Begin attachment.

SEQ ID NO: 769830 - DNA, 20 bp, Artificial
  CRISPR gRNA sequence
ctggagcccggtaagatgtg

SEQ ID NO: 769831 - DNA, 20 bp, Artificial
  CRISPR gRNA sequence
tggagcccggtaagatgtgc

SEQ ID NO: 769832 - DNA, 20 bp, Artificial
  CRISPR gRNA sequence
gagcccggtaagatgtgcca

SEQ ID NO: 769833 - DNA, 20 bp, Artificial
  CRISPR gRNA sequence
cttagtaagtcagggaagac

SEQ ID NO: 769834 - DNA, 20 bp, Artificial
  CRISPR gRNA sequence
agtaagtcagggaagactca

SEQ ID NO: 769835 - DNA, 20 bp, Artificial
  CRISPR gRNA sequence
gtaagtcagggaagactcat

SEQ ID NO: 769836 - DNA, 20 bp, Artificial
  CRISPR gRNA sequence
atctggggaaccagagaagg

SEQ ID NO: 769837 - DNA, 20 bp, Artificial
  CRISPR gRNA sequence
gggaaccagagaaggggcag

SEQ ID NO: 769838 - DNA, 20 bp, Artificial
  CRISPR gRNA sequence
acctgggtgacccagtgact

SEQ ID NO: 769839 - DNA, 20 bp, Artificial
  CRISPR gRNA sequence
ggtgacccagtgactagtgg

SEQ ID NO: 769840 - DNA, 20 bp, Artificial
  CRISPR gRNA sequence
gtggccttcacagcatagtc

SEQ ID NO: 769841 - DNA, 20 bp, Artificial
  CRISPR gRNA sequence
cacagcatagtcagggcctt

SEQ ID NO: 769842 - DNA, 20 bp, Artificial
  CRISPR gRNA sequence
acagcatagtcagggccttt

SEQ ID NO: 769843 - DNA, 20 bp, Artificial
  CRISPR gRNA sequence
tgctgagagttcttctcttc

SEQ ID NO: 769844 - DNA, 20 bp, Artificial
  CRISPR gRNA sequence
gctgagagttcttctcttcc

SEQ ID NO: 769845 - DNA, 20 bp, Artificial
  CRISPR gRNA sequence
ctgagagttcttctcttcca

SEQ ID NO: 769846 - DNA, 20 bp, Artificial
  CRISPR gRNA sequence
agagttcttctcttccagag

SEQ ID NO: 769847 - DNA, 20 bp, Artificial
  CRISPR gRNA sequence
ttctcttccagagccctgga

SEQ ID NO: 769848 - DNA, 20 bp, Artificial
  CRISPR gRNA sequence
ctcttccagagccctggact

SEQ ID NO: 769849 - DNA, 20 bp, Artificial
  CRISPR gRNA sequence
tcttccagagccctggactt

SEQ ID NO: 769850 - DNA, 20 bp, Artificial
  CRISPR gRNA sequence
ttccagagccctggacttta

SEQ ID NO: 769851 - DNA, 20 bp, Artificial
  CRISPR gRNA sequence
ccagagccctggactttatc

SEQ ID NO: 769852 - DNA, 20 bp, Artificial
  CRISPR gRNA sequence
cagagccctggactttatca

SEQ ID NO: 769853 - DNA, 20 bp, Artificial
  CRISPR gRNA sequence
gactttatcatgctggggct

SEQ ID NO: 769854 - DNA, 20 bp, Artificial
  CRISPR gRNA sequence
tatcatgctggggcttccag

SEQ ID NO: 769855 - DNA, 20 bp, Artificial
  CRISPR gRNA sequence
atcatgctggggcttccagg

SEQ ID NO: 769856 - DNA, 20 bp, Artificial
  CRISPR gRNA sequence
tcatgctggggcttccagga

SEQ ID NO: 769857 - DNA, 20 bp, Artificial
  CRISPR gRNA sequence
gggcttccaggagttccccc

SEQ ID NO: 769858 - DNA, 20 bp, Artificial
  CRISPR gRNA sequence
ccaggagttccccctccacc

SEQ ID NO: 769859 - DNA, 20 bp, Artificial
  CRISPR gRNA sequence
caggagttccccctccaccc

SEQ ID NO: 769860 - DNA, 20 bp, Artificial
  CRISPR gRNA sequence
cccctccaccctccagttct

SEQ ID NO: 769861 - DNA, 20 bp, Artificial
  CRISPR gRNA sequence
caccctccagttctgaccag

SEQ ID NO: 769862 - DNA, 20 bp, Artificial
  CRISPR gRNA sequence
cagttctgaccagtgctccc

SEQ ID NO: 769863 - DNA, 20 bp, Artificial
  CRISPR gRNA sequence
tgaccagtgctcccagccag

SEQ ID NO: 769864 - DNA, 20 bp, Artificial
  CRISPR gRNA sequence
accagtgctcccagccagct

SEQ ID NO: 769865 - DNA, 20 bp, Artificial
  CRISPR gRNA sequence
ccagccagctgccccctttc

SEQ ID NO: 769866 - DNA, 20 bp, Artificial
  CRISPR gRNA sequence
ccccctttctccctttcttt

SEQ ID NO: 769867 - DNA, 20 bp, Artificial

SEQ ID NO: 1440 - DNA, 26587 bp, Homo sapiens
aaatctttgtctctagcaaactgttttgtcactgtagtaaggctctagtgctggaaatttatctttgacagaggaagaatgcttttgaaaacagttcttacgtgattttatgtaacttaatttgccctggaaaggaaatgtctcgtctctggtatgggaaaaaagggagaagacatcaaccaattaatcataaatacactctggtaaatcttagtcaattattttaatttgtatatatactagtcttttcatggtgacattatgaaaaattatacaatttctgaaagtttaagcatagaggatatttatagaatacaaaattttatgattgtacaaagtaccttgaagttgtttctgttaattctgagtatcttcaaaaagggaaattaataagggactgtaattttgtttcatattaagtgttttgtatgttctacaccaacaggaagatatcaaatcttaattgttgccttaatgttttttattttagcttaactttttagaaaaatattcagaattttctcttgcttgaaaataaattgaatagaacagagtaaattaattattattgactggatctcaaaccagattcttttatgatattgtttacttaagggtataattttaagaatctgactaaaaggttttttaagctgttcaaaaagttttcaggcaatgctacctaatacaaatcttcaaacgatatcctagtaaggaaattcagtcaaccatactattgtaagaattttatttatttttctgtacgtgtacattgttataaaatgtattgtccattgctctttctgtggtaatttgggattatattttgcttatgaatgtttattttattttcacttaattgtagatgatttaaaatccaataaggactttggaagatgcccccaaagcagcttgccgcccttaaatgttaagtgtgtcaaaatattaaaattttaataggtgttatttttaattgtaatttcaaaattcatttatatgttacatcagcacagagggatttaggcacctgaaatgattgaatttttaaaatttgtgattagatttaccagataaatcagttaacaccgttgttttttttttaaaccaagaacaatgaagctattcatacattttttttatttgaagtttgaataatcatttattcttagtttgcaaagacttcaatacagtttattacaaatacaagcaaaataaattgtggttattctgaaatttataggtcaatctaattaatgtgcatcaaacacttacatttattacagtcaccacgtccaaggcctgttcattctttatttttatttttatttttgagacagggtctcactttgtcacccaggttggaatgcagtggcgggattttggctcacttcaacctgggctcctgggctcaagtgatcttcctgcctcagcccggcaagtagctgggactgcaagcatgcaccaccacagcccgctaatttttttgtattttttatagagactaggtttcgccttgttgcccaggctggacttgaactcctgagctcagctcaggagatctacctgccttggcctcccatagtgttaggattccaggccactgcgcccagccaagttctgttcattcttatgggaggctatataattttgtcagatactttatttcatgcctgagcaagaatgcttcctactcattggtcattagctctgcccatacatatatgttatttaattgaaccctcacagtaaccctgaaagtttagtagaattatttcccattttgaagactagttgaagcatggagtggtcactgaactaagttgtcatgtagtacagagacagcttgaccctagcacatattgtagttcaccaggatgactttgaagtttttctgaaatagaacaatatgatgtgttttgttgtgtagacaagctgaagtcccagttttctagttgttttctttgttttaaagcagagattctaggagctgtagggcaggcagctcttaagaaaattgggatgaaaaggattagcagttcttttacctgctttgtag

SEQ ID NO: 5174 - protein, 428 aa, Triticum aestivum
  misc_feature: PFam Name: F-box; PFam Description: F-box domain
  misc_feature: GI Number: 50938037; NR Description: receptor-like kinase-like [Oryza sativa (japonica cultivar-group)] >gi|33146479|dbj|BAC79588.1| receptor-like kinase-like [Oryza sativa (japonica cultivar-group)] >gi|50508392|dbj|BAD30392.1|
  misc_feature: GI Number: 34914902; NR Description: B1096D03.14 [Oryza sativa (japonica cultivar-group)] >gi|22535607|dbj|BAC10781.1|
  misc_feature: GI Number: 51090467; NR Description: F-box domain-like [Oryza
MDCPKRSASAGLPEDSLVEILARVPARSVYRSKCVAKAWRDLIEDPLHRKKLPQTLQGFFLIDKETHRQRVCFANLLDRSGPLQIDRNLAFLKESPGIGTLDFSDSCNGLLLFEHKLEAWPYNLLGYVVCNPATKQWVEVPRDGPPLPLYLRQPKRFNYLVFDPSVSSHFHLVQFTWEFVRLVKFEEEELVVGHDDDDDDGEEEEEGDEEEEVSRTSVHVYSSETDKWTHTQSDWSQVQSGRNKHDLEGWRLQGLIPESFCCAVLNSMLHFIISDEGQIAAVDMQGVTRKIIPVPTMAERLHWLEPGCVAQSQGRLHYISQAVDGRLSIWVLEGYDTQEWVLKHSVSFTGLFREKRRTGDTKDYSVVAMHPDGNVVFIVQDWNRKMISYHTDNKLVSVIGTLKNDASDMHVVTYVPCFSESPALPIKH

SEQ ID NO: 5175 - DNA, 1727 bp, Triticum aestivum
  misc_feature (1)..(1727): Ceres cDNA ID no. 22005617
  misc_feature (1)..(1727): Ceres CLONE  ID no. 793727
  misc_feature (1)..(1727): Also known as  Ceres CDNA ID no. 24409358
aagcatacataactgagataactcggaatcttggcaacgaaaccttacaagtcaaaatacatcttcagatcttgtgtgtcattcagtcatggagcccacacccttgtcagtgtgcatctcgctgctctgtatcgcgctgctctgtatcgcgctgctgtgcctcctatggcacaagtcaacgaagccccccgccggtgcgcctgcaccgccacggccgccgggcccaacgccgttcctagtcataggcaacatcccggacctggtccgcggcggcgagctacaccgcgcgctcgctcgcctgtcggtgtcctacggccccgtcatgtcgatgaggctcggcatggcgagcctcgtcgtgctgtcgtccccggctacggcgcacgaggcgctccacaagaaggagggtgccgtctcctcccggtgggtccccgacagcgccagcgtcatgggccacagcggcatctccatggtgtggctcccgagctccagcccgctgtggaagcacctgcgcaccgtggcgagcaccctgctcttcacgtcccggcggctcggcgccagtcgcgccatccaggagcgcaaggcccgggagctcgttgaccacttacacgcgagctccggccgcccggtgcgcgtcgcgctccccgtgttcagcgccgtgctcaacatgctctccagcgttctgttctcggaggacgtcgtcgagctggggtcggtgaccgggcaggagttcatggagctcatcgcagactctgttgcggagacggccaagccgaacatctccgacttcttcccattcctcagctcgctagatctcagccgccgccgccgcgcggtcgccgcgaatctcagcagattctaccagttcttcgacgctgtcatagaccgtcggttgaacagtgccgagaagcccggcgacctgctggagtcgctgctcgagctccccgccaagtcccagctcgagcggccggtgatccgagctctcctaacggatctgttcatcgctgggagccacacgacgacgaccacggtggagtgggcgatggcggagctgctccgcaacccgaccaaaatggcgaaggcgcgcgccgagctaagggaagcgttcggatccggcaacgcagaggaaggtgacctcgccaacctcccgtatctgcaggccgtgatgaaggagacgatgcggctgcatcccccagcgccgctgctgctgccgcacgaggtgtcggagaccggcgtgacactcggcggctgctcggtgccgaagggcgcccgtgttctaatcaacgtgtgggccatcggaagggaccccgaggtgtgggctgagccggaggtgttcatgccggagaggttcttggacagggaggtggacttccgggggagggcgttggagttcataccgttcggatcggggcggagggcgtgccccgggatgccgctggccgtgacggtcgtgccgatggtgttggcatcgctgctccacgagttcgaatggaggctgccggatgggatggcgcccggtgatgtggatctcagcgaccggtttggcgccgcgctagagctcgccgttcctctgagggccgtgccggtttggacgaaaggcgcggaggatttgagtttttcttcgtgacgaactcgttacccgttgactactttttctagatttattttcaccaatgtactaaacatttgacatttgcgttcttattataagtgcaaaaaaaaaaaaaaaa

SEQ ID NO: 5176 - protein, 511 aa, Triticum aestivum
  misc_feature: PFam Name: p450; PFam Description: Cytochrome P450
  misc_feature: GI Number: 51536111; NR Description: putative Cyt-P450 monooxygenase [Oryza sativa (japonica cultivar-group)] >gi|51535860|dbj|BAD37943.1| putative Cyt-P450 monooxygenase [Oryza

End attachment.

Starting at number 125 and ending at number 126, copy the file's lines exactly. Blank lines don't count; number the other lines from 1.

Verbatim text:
aagcatacataactgagataactcggaatcttggcaacgaaaccttacaagtcaaaatacatcttcagatcttgtgtgtcattcagtcatggagcccacacccttgtcagtgtgcatctcgctgctctgtatcgcgctgctctgtatcgcgctgctgtgcctcctatggcacaagtcaacgaagccccccgccggtgcgcctgcaccgccacggccgccgggcccaacgccgttcctagtcataggcaacatcccggacctggtccgcggcggcgagctacaccgcgcgctcgctcgcctgtcggtgtcctacggccccgtcatgtcgatgaggctcggcatggcgagcctcgtcgtgctgtcgtccccggctacggcgcacgaggcgctccacaagaaggagggtgccgtctcctcccggtgggtccccgacagcgccagcgtcatgggccacagcggcatctccatggtgtggctcccgagctccagcccgctgtggaagcacctgcgcaccgtggcgagcaccctgctcttcacgtcccggcggctcggcgccagtcgcgccatccaggagcgcaaggcccgggagctcgttgaccacttacacgcgagctccggccgcccggtgcgcgtcgcgctccccgtgttcagcgccgtgctcaacatgctctccagcgttctgttctcggaggacgtcgtcgagctggggtcggtgaccgggcaggagttcatggagctcatcgcagactctgttgcggagacggccaagccgaacatctccgacttcttcccattcctcagctcgctagatctcagccgccgccgccgcgcggtcgccgcgaatctcagcagattctaccagttcttcgacgctgtcatagaccgtcggttgaacagtgccgagaagcccggcgacctgctggagtcgctgctcgagctccccgccaagtcccagctcgagcggccggtgatccgagctctcctaacggatctgttcatcgctgggagccacacgacgacgaccacggtggagtgggcgatggcggagctgctccgcaacccgaccaaaatggcgaaggcgcgcgccgagctaagggaagcgttcggatccggcaacgcagaggaaggtgacctcgccaacctcccgtatctgcaggccgtgatgaaggagacgatgcggctgcatcccccagcgccgctgctgctgccgcacgaggtgtcggagaccggcgtgacactcggcggctgctcggtgccgaagggcgcccgtgttctaatcaacgtgtgggccatcggaagggaccccgaggtgtgggctgagccggaggtgttcatgccggagaggttcttggacagggaggtggacttccgggggagggcgttggagttcataccgttcggatcggggcggagggcgtgccccgggatgccgctggccgtgacggtcgtgccgatggtgttggcatcgctgctccacgagttcgaatggaggctgccggatgggatggcgcccggtgatgtggatctcagcgaccggtttggcgccgcgctagagctcgccgttcctctgagggccgtgccggtttggacgaaaggcgcggaggatttgagtttttcttcgtgacgaactcgttacccgttgactactttttctagatttattttcaccaatgtactaaacatttgacatttgcgttcttattataagtgcaaaaaaaaaaaaaaaa

SEQ ID NO: 5176 - protein, 511 aa, Triticum aestivum